Checkup – August 2021

Welcome to another Dr. PayItBack monthly checkup! I use this space to remain accountable to our expenses and goals, track net worth and debt, and muse on what was done well and what can be improved.

It’s officially been three years since I shared my first monthly checkup, having just started fellowship with a plan to get my financial house in order and hit the ground running when I became an attending.

In that time I refinanced all of our student loans. We paid off our cars. We got back to broke. I opened a taxable brokerage account. My wife started a profitable and growing business, and we were able to jump start Roth IRAs for our two boys. I even dabbled in cryptocurrency. And recently, two years out of training, we hit a net worth gain of half a million dollars.

While I haven’t made a single cent from this blog (and in fact probably am a three-figure amount in the red), I don’t know that I would have been nearly as accountable to myself without the support and inspiration of the community that I have found here. So thanks.

Budget/Cash Flow

We have a $5,000/year CME allowance for conferences and the like, and unsurprisingly I didn’t do much traveling in the past fiscal year. It’s use-it-or-lose-it, so I took the opportunity to sign up for multi-year memberships to as many pain societies as I could afford. I’ll be ‘attending’ ASRA Fall 2021 virtually, but other than that no conferences until 2022. This money is reimbursed rather than used outright, so it shows up as a expense line item this month. There’ll be a correspondingly large bump in my paycheck next month.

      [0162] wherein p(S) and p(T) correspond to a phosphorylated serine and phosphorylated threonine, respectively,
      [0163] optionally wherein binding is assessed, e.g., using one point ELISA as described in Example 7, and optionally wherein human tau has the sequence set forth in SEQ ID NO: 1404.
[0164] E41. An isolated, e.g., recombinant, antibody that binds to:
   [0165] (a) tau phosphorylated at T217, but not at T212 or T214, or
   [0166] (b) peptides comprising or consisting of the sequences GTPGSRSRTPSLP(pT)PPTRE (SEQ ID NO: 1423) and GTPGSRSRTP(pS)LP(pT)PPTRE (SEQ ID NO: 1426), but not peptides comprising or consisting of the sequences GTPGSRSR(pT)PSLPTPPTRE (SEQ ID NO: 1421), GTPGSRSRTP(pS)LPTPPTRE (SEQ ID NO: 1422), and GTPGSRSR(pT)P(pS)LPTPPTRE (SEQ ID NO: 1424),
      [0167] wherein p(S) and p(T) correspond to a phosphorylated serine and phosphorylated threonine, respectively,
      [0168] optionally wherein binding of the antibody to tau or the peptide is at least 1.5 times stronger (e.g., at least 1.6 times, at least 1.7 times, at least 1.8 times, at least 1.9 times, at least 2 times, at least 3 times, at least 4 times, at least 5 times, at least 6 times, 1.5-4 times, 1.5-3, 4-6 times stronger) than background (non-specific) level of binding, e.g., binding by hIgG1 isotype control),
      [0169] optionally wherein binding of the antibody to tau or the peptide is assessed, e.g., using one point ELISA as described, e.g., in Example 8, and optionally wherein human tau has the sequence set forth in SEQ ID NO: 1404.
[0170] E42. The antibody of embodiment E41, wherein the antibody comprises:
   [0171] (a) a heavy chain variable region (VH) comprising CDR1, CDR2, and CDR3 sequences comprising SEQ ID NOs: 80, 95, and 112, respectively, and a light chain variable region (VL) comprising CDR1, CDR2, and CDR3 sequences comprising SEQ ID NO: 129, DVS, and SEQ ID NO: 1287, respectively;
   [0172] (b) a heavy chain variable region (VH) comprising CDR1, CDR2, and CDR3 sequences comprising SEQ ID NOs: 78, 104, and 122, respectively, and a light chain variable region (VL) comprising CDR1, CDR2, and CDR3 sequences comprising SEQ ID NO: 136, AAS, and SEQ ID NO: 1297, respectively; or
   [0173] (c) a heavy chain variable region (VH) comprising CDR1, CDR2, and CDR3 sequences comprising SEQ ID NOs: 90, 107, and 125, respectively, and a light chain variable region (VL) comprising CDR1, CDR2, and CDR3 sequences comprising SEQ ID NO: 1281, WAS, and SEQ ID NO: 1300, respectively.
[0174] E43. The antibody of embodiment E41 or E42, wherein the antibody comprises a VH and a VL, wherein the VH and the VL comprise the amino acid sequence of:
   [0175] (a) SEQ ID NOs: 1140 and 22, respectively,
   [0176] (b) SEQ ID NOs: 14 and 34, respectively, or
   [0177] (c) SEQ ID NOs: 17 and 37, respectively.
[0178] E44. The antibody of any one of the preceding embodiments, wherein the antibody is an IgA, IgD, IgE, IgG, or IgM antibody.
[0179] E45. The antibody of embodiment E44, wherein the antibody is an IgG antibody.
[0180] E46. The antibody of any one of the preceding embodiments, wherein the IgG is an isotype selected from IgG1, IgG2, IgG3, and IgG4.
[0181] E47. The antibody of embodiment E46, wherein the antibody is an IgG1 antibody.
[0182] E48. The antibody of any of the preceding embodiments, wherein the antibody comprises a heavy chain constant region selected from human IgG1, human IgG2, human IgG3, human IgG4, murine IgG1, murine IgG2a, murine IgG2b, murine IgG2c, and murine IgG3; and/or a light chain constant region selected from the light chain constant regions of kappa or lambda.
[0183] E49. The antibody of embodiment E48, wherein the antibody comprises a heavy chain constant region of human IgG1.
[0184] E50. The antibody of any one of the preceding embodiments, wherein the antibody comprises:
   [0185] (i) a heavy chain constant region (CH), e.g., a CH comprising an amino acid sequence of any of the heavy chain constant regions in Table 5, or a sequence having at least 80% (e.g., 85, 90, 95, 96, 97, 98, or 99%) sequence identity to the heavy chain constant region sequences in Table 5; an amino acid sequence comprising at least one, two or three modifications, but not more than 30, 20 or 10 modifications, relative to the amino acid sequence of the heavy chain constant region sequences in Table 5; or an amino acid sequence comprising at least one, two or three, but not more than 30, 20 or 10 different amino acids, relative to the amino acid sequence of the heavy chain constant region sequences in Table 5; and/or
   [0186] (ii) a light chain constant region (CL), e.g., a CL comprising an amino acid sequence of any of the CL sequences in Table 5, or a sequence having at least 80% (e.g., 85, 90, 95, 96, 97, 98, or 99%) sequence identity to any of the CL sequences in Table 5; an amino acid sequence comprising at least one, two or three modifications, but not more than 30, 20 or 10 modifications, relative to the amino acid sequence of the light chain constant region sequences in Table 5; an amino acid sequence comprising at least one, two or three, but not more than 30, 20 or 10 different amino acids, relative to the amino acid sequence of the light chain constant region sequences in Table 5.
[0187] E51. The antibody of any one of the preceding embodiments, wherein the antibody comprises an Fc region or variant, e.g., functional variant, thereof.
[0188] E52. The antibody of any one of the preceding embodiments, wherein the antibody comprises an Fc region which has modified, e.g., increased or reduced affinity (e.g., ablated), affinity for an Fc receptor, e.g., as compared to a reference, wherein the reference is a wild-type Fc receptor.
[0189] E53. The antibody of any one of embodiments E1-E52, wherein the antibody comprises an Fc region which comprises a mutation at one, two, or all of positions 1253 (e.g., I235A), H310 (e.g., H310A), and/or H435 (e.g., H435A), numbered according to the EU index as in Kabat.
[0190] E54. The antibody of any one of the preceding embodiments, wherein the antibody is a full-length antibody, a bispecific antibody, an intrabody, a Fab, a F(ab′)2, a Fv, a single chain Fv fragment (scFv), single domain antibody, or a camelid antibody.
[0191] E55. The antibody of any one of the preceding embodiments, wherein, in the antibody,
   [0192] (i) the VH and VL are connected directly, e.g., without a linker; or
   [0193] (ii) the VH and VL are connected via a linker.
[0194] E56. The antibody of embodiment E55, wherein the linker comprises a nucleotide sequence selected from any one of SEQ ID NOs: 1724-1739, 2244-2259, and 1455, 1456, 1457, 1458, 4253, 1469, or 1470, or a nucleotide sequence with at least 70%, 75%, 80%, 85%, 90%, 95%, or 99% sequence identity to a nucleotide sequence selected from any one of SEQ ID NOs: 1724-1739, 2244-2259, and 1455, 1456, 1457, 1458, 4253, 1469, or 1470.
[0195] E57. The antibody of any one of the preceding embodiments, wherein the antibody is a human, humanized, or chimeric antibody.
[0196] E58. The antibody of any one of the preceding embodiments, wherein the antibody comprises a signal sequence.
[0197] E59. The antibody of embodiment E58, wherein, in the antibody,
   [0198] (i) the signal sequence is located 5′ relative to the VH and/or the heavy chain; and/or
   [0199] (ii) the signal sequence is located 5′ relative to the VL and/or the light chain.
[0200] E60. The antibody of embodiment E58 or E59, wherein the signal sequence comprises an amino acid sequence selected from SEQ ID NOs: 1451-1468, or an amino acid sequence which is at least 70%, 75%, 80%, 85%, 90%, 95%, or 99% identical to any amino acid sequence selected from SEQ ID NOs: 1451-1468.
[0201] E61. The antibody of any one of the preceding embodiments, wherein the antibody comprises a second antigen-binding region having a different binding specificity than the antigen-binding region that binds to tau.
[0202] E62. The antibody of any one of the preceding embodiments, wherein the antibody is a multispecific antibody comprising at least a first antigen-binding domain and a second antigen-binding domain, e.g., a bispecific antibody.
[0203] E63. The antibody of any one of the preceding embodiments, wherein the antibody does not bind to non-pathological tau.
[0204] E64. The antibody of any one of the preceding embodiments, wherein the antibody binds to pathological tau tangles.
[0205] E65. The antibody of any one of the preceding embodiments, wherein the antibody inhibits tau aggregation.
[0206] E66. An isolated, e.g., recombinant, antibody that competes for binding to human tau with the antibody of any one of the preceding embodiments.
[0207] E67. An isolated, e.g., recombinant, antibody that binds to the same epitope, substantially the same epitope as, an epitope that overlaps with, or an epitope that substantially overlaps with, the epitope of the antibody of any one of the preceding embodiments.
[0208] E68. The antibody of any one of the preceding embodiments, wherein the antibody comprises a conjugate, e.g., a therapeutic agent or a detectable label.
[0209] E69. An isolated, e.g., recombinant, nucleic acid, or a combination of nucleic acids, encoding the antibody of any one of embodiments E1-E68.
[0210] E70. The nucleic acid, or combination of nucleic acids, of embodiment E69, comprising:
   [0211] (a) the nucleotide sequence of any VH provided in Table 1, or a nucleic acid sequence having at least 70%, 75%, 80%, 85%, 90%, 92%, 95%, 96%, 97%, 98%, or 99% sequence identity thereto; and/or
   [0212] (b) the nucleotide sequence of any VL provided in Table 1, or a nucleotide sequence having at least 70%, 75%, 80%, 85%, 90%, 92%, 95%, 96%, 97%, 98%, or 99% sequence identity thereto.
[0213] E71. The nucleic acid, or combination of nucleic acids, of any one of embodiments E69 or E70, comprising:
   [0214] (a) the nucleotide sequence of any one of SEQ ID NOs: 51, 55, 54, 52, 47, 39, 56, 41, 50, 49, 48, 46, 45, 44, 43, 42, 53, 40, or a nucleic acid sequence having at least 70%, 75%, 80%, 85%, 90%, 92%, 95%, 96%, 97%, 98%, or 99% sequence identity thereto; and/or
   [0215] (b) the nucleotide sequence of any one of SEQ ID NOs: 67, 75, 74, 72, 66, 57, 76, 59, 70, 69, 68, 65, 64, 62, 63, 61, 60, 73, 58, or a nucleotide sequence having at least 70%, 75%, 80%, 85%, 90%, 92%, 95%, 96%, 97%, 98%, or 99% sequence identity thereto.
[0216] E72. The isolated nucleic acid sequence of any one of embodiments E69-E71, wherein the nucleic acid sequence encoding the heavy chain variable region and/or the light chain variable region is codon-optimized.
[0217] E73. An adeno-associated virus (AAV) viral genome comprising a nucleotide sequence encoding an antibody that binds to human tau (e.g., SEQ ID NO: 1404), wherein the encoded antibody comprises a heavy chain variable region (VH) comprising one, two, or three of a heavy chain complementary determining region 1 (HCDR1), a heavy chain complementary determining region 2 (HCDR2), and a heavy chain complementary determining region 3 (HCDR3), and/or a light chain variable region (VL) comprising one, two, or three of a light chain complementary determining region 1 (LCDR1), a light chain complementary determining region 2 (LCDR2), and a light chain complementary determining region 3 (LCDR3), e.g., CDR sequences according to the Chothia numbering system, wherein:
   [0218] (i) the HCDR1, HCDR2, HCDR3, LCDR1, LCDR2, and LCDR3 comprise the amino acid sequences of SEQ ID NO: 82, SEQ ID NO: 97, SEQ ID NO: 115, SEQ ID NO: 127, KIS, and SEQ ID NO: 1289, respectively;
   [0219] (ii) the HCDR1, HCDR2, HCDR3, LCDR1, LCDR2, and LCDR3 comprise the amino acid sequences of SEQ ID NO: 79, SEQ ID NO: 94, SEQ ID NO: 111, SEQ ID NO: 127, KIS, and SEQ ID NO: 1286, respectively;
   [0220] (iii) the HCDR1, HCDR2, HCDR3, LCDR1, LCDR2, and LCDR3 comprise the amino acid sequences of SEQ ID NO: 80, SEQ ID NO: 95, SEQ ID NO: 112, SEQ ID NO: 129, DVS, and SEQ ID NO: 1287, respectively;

Other than that not a lot of huge purchases to speak of, and this would have been a below-average month for spending without it.

PayItBack Progress

Interest rates remain steady at the same record lows of last month. Paying minimums. Rise repeat.

Net Worth

The S&P was up almost 3%, accounting for most of our gains. Crypto is in the midst of a dramatic rebound, but otherwise our portfolio is calm and boring which is how it probably should be. Next month — on the other hand — should have some nice milestones.

Financial Independence

Graph courtesy of Mad Fientist

This will hopefully be the last big step backwards on our FI date. Our new ‘normal’ level of spending has pushed the final few low-spending months from last year out of the calculator. For what it’s worth, my own ‘homemade’ calculator for our FI date has been a lot less volatile for the past year.

Financial Goals for 2021

1) Max out 403b: $19,500 of $19,500 (100% done)
2) Max out backdoor Roth IRAs: $12,000 of $12,000 (100% done)
3) Use taxable brokerage in addition to 1) and 2) to save $100,000 total for retirement: $40,500 of $68,500 (59.1% done)
4) Max out 529s for state tax benefit: $16,000 of $16,000 (100% done)
5) Save 20% down payment for a $450,000 house: $75,080 of $90,000 (83.4% done)
6) Continue to pay minimums on student loans as long as rates remain <4%
7) Finalize estate documents

How Far I’ve Come

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